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In decidability theory, I understand that if a problem is labeled "decidable", then we can construct a Turing Machine that definitively tells us whether an input is valid or invalid. My question is what does "undecidable" mean ? I read the "undecidable" applies to problems that have Turing Machines but cannot definitively tell us whether an input is valid or not(i.e. it outputs "yes" for valid inputs, and keep going for others indefinitely such that we will not know when, if ever, it will output anything). Then does "undecidable" applies to problems that can not be represented by Turing Machines at all, also? What is the difference between unsolvable and undecidable ?

EDIT: I was reading my textbook(Introduction to Automata Theory, Hopcroft) and I ran into this: "Remember that showing there is no Turing machine at all for a language is showing something stronger than that the language is undecidable(i.e., that it has no algorithm, or TM that always halts"(pg 388). This seems to imply undecidable problems do not include ones without any TMs. Am I interpreting this correctly ?

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    $\begingroup$ Mathematically "unsolvable" usually means an equation which has no analytical solution for example 0=1+1/(2^x)+1/(3^x) $\endgroup$ – Niklas Rosencrantz May 22 '16 at 18:00
  • $\begingroup$ "I understand that if a problem is labeled "decidable", then we can construct a Turing Machine" -- well, no. "there exists" != "we can construct"; see here. $\endgroup$ – Raphael May 25 '16 at 0:21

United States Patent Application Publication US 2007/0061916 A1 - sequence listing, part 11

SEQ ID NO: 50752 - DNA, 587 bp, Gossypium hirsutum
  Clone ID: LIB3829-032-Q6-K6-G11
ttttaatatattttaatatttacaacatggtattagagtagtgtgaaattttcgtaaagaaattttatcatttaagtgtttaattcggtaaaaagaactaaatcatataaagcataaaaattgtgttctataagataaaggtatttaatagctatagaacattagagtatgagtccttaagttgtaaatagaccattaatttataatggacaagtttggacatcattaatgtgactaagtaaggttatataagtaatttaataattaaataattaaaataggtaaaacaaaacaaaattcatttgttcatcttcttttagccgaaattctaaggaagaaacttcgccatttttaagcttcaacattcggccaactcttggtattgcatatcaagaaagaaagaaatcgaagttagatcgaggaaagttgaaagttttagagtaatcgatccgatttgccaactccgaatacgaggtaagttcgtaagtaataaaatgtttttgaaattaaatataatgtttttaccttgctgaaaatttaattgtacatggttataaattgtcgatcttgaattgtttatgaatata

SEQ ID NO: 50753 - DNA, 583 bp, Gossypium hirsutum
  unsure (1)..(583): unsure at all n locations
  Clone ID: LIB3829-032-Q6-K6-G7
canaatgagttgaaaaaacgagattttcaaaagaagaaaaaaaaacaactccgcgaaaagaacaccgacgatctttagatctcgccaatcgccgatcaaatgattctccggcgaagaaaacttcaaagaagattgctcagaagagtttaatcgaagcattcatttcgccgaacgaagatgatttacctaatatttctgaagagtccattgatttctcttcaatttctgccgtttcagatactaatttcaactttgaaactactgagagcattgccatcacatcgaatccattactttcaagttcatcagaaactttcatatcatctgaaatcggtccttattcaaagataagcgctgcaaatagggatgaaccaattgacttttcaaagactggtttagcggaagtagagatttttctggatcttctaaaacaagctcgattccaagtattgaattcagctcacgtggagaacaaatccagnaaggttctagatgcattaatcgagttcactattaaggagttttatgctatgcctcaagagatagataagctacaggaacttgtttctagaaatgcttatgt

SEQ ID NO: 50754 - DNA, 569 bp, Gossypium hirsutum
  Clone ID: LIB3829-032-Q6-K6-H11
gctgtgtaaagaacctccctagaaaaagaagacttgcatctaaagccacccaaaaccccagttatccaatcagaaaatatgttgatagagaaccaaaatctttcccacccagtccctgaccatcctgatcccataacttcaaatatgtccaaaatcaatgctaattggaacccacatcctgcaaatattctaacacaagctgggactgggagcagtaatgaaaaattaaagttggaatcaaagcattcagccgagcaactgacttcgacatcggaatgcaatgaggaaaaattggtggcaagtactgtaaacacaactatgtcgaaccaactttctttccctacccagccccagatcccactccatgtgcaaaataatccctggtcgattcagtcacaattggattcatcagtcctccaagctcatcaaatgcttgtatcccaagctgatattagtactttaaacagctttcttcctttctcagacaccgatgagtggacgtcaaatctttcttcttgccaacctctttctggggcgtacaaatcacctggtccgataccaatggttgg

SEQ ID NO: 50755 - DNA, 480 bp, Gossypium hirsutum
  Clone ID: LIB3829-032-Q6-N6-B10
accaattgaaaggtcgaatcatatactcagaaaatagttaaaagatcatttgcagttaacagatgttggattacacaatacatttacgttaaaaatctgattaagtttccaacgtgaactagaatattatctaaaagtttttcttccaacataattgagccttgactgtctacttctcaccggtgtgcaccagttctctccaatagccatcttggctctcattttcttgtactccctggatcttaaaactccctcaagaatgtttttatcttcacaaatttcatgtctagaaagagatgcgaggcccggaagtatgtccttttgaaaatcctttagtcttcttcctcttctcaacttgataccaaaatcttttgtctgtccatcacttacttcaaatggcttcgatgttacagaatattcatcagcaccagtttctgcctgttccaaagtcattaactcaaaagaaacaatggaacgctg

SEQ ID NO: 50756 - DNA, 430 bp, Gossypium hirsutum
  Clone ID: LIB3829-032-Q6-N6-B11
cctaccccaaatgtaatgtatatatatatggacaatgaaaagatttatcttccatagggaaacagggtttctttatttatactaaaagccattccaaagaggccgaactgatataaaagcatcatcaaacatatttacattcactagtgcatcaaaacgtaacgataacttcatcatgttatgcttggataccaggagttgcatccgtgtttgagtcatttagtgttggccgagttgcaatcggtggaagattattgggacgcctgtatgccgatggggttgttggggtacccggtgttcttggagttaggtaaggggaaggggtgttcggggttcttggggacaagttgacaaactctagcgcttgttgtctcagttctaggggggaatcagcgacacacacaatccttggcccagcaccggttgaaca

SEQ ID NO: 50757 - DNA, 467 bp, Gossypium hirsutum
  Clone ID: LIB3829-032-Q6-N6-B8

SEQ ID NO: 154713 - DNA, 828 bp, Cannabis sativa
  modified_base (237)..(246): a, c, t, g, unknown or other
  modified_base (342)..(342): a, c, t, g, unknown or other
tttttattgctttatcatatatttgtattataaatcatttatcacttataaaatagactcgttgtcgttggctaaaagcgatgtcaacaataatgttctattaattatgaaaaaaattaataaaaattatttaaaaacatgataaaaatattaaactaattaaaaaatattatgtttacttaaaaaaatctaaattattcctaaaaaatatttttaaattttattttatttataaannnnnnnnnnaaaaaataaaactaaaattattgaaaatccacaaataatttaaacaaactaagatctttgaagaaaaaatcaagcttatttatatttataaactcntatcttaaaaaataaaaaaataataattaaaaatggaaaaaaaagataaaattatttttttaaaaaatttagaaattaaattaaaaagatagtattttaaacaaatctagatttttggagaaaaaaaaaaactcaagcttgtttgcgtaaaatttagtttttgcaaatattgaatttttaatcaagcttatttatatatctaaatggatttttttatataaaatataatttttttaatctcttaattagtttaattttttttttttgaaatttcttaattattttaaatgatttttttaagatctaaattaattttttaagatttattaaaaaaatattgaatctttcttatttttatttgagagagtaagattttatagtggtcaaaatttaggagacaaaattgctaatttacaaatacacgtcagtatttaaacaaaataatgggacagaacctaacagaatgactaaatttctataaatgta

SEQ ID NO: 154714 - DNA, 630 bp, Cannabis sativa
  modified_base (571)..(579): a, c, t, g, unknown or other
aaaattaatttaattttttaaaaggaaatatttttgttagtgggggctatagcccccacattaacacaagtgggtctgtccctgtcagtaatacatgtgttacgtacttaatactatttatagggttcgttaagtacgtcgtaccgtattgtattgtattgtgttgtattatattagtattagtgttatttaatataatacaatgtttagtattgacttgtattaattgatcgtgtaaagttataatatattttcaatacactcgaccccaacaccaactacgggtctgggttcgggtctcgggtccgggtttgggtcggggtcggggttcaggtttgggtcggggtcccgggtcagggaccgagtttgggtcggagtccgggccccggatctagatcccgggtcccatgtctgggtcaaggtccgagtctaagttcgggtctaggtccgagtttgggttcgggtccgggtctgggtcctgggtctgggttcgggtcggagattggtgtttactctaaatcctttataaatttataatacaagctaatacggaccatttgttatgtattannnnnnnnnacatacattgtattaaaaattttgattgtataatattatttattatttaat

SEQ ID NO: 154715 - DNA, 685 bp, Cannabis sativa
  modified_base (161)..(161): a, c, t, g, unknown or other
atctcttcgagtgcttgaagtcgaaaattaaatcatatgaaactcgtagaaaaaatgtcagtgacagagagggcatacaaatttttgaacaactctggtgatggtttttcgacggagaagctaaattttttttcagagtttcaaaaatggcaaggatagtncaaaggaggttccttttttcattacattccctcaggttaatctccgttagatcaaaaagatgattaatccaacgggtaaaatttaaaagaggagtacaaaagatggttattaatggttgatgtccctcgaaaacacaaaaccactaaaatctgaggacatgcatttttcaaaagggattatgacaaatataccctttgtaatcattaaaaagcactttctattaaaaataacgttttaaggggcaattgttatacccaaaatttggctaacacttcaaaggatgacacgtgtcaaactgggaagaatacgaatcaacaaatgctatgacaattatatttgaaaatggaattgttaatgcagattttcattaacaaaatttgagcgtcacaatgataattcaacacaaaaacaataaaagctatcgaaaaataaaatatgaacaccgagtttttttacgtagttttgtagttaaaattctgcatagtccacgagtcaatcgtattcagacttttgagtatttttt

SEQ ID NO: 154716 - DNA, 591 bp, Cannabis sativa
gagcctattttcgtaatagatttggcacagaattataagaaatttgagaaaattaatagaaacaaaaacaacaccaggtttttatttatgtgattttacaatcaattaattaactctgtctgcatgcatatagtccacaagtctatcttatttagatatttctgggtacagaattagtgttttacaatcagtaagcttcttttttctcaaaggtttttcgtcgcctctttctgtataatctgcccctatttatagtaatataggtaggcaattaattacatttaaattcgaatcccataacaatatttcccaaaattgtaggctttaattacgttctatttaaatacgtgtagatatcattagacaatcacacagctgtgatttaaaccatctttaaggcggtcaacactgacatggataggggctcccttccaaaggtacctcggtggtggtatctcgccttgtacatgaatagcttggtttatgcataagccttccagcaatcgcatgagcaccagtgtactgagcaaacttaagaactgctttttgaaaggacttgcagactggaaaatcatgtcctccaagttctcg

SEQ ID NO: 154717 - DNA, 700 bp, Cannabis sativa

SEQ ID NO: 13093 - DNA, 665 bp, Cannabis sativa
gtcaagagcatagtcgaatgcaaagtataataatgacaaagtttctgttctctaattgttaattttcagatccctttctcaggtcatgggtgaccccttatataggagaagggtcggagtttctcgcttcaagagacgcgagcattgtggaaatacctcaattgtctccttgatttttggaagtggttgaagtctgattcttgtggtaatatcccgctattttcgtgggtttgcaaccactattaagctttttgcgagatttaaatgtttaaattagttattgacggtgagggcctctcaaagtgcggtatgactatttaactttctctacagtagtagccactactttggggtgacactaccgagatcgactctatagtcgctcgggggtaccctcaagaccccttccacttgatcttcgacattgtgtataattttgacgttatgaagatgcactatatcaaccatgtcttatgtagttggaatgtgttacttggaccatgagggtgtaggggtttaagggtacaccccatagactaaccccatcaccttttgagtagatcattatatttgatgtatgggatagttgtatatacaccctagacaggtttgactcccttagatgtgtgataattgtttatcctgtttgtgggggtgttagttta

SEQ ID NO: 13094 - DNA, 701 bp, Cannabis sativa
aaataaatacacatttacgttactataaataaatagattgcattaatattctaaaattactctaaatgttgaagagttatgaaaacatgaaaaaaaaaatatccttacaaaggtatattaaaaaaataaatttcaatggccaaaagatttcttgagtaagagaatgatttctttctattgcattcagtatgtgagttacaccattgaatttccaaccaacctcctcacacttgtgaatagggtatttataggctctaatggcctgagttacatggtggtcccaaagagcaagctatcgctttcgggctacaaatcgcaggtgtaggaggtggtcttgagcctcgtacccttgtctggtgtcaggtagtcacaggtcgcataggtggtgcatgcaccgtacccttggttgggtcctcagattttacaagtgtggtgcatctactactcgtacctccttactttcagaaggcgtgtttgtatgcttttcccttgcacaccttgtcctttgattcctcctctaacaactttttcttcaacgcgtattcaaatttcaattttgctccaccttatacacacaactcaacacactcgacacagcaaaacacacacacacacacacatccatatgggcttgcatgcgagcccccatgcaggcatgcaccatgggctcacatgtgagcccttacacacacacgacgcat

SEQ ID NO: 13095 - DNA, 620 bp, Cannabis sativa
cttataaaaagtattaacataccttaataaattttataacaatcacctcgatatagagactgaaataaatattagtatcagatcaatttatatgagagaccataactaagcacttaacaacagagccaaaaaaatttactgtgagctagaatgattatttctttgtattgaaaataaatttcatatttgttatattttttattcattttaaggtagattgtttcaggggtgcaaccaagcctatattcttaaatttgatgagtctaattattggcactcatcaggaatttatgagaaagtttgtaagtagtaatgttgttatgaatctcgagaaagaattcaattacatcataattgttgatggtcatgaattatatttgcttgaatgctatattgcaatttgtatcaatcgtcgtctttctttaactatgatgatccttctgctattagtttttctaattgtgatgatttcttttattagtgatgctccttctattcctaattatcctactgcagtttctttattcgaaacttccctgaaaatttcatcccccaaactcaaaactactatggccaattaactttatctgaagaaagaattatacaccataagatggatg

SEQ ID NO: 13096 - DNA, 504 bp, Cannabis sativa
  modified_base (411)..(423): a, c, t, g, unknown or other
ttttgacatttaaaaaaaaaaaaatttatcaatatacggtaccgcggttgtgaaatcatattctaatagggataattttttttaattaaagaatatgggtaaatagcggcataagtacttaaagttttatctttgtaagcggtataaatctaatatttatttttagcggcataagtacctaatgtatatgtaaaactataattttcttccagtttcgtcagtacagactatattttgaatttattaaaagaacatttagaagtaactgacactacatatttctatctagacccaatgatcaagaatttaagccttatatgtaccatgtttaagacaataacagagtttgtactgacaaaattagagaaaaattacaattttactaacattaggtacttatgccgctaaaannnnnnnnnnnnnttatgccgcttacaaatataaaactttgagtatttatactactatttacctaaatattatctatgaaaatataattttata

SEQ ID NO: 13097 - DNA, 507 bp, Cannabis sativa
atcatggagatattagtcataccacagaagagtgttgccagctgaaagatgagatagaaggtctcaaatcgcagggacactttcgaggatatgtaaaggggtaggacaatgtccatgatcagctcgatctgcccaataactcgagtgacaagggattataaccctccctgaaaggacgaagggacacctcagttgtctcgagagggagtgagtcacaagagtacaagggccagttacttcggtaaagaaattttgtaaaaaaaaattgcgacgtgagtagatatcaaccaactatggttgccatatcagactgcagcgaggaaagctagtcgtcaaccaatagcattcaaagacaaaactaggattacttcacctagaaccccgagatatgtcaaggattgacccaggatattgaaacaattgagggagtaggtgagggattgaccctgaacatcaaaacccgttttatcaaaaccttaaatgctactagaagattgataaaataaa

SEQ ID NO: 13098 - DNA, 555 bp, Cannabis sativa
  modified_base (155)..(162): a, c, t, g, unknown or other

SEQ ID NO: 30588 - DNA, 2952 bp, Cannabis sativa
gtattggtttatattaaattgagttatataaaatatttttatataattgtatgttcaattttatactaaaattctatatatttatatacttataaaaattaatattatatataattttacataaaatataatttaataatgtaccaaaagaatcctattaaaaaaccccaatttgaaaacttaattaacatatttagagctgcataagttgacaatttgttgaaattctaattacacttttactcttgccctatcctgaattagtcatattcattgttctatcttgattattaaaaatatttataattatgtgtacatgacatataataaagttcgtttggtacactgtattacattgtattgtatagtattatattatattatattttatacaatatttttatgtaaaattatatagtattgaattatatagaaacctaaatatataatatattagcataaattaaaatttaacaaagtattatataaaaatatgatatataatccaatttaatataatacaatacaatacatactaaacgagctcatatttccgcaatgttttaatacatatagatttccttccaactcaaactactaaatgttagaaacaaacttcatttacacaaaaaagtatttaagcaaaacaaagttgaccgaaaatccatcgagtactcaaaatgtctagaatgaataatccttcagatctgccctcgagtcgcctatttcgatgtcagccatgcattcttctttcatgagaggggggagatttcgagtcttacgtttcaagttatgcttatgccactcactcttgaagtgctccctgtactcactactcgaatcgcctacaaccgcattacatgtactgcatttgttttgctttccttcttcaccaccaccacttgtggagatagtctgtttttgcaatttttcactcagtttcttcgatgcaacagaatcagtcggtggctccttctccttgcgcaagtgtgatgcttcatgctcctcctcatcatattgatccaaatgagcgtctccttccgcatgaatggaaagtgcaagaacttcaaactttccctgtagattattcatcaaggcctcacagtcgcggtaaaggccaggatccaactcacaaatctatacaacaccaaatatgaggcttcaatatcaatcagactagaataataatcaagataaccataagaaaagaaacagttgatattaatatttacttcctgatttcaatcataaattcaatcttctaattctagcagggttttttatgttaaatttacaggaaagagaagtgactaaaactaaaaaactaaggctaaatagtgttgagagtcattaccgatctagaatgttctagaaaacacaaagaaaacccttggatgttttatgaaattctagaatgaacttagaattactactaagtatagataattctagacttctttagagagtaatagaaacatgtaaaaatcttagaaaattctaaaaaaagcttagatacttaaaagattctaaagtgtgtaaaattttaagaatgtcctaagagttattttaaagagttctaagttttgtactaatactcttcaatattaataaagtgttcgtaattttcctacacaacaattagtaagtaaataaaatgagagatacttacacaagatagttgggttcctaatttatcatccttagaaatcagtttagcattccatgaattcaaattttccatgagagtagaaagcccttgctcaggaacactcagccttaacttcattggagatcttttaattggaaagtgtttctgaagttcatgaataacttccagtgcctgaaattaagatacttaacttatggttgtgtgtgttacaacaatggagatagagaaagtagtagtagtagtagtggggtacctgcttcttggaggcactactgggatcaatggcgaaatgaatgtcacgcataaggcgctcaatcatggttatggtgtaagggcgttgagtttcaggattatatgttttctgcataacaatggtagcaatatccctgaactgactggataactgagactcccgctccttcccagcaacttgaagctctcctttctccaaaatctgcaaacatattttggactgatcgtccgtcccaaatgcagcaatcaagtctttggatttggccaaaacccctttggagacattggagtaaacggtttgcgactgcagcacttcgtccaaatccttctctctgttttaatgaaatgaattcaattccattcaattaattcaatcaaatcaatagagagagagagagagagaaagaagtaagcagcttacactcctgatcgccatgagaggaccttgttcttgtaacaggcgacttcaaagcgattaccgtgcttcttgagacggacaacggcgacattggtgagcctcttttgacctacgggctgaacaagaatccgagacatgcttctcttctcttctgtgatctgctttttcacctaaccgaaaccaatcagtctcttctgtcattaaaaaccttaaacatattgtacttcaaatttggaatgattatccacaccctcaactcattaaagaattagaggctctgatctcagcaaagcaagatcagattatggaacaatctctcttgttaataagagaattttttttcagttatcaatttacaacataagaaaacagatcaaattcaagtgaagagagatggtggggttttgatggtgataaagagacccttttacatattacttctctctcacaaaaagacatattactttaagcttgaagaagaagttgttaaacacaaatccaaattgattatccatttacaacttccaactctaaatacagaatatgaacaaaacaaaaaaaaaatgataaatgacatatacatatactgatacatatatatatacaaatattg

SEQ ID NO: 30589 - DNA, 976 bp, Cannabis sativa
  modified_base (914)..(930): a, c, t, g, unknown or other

• $\begingroup$ @Raphael I guess I didn't know that(thanks for pointing it out). Any ideas on my main question though ? It appears(to me) the textbook is saying undecidable does not include those problems without any Turing machines but answers here indicate otherwise. $\endgroup$ – Jenna Maiz May 25 '16 at 1:42
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Yes, undecidable also applies to problems that cannot be represented by TM at all. The ones where a YES can always be found are a subclass of these called (recursively) enumerable. Unsolvable is a less common term which I know mostly to be used synonymous to undecidable.

So decidable - undecidable but enumerable - non-enumerable is a partition of the class of all problems into three classes, where the middle one is intuitively somthing like the easiest undecidable problems.

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  • $\begingroup$ They're usually referred to as recursively enumerable or computably enumerable. $\endgroup$ – jmite May 22 '16 at 16:58
  • $\begingroup$ I was reading my textbook(Introduction to Automata Theory, Hopcroft) and I ran into this: "Remember that showing there is no Turing machine at all for a language is showing something stronger than that the language is undecidable(i.e., that it has no algorithm, or TM that always halts"(pg 388). This seems to imply undecidable problems do not include ones without any TMs. Am I interpreting this correctly ? $\endgroup$ – Jenna Maiz May 24 '16 at 21:15
  • $\begingroup$ Maybe the problem is the exact meaning of "THERE IS a TM" for a problem. Does it mean there is a TM that decides the problem, does it mean there is a TM that always gives a positive answer if there is one. In the latter case it describres the enumerable languages, and not all of them are decidable. Thus showing that there is no machine that enumerates a language is indeed stronger than showing that no machine decides it. $\endgroup$ – Peter Leupold May 25 '16 at 7:18

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